China is a massive economy. With an ample population, a growing interest in consumerism and digitally savvy citizens, it is no surprise eCommerce has taken off there. What might surprise people is the fact that China’s eCommerce market stands at $376 billion, exceeding the US market. And China is growing at twice the rate of the US. The reasons is a difference in digital spending habits between the West and China, which is influenced both by culture and user behaviour.
In the West, consumers like to shop for items online similarly to how they do so in reality- by window shopping. They like to browse and sift through a series of price comparisons.It is not uncommon for consumers in the West to have several tabs open on their computers at one time as they search for a single item, looking at branded retailers, department stores and discount sites like eBay and Amazon, until they find the right deal. In contrast, the Chinese favour the likes of Alibaba and AliExpress, huge online market places where everything can be bought on the one site. On sites like these, consumers can contact sellers and leave messages for suppliers. They get more information about their items in these transparent digital spaces and can develop relationships with the vendors and buy more for less in one sitting. The Western consumer, however, likes to choose carefully a select few items, based on brand trust and prior knowledge. The result of this is higher spend in the Chinese case.
Convenience is a huge reason for why Chinese sites are racking up higher sales than their Western competitors. Not only can everything be found and purchased under one roof in the East, the payment methods offered are also much less arduous. The payment solutions from trusted companies like AliPay(affiliated with Alibaba) and WeChat enable consumers to log into sites and buy items without the use of credit cards. These seamless payment solutions are also available in physical stores. Many businesses use AliPay, hammering home again the message of how reliable and trustworthy it is. Essentially what you have is a national payment system embedded within the country’s largest eCommerce site, making online shopping even more convenient and dissolving even more worries about fraud.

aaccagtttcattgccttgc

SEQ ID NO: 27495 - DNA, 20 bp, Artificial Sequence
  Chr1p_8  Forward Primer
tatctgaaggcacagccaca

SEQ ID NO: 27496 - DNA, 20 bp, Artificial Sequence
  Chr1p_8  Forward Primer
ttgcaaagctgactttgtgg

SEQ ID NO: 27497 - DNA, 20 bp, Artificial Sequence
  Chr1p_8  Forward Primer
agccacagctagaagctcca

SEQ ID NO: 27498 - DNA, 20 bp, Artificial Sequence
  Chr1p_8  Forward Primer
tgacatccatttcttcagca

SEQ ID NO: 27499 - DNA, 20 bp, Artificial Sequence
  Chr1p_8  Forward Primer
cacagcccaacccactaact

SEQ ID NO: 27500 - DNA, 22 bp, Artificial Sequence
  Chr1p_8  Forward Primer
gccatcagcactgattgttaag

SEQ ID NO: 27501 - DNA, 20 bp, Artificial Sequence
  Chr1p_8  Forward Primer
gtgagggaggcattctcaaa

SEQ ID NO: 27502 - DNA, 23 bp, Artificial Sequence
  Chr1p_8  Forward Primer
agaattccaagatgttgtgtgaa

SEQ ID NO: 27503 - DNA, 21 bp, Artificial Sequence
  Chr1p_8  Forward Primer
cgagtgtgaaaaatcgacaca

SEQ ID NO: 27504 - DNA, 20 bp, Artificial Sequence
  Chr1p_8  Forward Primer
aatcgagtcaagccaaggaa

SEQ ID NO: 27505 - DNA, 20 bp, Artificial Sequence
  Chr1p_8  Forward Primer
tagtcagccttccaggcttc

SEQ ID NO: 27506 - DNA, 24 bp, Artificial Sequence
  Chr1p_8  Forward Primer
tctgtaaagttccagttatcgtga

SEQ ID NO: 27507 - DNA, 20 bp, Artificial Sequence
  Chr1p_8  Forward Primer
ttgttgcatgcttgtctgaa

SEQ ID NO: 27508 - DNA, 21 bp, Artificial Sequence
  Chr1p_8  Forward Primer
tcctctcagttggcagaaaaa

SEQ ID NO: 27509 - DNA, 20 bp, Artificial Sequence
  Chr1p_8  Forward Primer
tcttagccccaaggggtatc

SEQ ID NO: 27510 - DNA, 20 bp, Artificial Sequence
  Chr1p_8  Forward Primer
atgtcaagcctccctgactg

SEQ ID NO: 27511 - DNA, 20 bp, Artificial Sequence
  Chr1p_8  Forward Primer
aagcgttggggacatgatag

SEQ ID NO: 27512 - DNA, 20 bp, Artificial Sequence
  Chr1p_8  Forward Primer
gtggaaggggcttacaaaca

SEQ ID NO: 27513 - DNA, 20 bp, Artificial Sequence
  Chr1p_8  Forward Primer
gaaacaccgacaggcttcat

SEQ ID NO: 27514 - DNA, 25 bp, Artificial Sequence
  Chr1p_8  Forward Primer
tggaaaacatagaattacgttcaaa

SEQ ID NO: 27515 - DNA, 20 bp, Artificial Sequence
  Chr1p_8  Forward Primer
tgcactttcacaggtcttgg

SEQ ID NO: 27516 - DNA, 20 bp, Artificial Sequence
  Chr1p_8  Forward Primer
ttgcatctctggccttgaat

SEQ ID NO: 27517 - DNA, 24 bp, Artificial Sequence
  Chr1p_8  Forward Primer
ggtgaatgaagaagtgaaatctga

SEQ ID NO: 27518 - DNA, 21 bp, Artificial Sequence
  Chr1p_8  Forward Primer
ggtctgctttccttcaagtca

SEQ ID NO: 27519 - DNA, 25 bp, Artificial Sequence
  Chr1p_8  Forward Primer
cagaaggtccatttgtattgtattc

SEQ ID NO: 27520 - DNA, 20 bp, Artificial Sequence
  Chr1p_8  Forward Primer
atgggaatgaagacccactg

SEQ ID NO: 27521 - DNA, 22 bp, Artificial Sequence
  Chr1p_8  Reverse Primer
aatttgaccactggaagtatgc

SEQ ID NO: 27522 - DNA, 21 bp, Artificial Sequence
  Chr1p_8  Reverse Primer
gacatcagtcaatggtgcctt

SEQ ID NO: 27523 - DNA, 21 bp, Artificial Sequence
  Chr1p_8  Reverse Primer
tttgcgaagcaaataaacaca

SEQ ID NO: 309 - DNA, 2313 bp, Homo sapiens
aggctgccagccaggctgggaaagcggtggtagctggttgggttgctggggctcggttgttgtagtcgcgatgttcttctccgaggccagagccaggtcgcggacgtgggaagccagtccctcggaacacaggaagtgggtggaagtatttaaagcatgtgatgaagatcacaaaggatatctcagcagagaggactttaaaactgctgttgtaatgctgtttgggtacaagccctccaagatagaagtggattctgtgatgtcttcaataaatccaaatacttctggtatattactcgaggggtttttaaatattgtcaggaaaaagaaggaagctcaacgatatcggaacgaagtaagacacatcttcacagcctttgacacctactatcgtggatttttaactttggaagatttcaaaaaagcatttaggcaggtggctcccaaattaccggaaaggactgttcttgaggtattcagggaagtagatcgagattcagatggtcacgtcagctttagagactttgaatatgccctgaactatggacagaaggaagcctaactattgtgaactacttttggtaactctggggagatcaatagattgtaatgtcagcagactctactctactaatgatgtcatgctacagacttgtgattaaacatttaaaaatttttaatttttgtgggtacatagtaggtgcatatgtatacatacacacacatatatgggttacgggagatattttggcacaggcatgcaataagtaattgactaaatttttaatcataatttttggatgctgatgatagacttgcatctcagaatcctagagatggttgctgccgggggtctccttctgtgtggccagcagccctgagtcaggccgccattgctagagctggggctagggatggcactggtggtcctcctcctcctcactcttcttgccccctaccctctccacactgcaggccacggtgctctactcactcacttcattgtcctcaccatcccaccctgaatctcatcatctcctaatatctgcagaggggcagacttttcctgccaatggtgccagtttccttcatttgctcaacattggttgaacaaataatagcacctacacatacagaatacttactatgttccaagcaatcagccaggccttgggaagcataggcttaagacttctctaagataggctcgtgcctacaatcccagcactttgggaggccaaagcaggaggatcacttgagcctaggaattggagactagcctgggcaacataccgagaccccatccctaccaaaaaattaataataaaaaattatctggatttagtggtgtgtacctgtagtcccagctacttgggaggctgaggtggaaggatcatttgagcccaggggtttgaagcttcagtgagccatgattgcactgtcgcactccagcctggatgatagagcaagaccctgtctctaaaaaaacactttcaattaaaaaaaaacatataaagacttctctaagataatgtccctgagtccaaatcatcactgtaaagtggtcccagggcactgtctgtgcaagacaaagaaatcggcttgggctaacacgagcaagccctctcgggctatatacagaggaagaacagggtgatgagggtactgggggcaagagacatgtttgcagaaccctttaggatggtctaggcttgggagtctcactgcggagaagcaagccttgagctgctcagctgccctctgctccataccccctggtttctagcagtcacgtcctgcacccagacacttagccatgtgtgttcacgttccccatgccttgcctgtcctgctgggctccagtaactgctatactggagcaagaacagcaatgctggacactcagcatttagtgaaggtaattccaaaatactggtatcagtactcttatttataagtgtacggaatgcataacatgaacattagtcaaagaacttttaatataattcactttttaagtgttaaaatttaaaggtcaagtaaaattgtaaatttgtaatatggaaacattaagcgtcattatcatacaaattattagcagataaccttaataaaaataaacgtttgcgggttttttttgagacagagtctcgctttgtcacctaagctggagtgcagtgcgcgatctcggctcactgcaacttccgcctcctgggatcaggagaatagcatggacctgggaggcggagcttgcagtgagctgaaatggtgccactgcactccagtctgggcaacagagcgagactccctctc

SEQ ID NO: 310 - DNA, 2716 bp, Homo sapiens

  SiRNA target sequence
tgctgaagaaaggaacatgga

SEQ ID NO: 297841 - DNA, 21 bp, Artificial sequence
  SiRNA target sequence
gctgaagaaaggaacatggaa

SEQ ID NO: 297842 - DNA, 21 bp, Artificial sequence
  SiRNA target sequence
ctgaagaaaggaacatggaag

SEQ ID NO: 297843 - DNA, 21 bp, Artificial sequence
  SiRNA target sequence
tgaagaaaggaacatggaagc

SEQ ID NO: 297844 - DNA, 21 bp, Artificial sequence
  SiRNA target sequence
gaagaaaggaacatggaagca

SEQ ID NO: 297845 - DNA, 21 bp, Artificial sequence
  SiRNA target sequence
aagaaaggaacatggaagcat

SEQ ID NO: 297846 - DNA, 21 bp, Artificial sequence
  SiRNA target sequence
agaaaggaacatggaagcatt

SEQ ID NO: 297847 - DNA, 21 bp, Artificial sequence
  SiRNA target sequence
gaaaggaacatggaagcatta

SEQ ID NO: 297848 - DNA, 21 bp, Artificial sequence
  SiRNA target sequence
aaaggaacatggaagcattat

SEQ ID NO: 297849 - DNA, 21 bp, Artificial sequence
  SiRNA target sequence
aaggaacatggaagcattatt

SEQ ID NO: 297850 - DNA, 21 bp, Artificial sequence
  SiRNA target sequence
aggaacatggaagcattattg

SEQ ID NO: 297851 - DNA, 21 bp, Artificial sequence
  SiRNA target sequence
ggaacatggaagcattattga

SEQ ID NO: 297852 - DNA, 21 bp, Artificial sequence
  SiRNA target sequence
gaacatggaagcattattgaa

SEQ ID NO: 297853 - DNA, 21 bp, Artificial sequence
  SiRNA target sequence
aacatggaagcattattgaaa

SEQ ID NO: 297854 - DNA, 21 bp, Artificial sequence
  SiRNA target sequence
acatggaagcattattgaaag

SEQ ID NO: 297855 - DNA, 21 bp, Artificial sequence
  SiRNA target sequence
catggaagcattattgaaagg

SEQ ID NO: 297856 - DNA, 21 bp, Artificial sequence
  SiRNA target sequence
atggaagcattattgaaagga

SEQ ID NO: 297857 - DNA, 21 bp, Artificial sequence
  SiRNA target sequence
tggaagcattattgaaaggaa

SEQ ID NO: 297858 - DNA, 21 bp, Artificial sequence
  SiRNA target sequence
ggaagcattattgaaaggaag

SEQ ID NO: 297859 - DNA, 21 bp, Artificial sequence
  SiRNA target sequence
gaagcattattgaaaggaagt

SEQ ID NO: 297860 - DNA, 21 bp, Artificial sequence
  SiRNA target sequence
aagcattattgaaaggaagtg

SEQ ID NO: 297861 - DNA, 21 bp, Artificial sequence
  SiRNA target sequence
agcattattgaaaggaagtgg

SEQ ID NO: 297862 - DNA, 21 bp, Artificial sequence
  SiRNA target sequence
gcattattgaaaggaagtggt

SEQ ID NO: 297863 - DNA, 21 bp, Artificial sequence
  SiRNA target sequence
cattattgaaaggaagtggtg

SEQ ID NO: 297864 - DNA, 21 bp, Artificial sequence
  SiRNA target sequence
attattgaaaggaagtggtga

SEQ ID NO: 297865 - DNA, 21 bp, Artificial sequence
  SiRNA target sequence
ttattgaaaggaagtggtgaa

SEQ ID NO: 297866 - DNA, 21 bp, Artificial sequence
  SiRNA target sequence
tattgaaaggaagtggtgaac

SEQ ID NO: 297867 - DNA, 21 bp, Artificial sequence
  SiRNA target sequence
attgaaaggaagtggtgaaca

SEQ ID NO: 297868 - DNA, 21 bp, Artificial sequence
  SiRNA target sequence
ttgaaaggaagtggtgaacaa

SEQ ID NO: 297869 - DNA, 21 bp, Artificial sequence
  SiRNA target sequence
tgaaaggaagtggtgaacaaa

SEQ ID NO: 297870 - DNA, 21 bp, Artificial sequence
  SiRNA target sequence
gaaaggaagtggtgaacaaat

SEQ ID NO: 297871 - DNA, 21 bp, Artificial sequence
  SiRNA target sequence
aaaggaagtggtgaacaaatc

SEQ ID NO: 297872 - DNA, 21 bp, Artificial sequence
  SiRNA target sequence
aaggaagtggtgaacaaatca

Chinese heavyweight Alibaba is also expanding globally, which is something western sites such as Amazon have failed to really do. Alibaba has branched out in Russia, Eastern Europe and Singapore. It’s a case of global expansion seemingly being easier from East to West than vice versa. This is down to the fact that Alibaba has very carefully decided to serve isolated rural communities to whom online shopping was previously off limits. Alibaba is delivering in areas Western companies don’t bother to serve. It is also recruiting Russian retailers to offer their goods on AliExpress, both to the Russian market and to the Chinese one.
China has been quick to tap into the consumer thirst for convenience and transparency and has served both by adopting the latest cutting edge technologies such as the payment systems offered by AliPay and WePay. Western eCommerce sites are starting to show a reluctance about change. What’s been working for them has been working for a long time and they see their blueprints for success as the only plans worth sticking to. Being overtaken in sales by the East shows that they will have to adapt and progress in order to survive.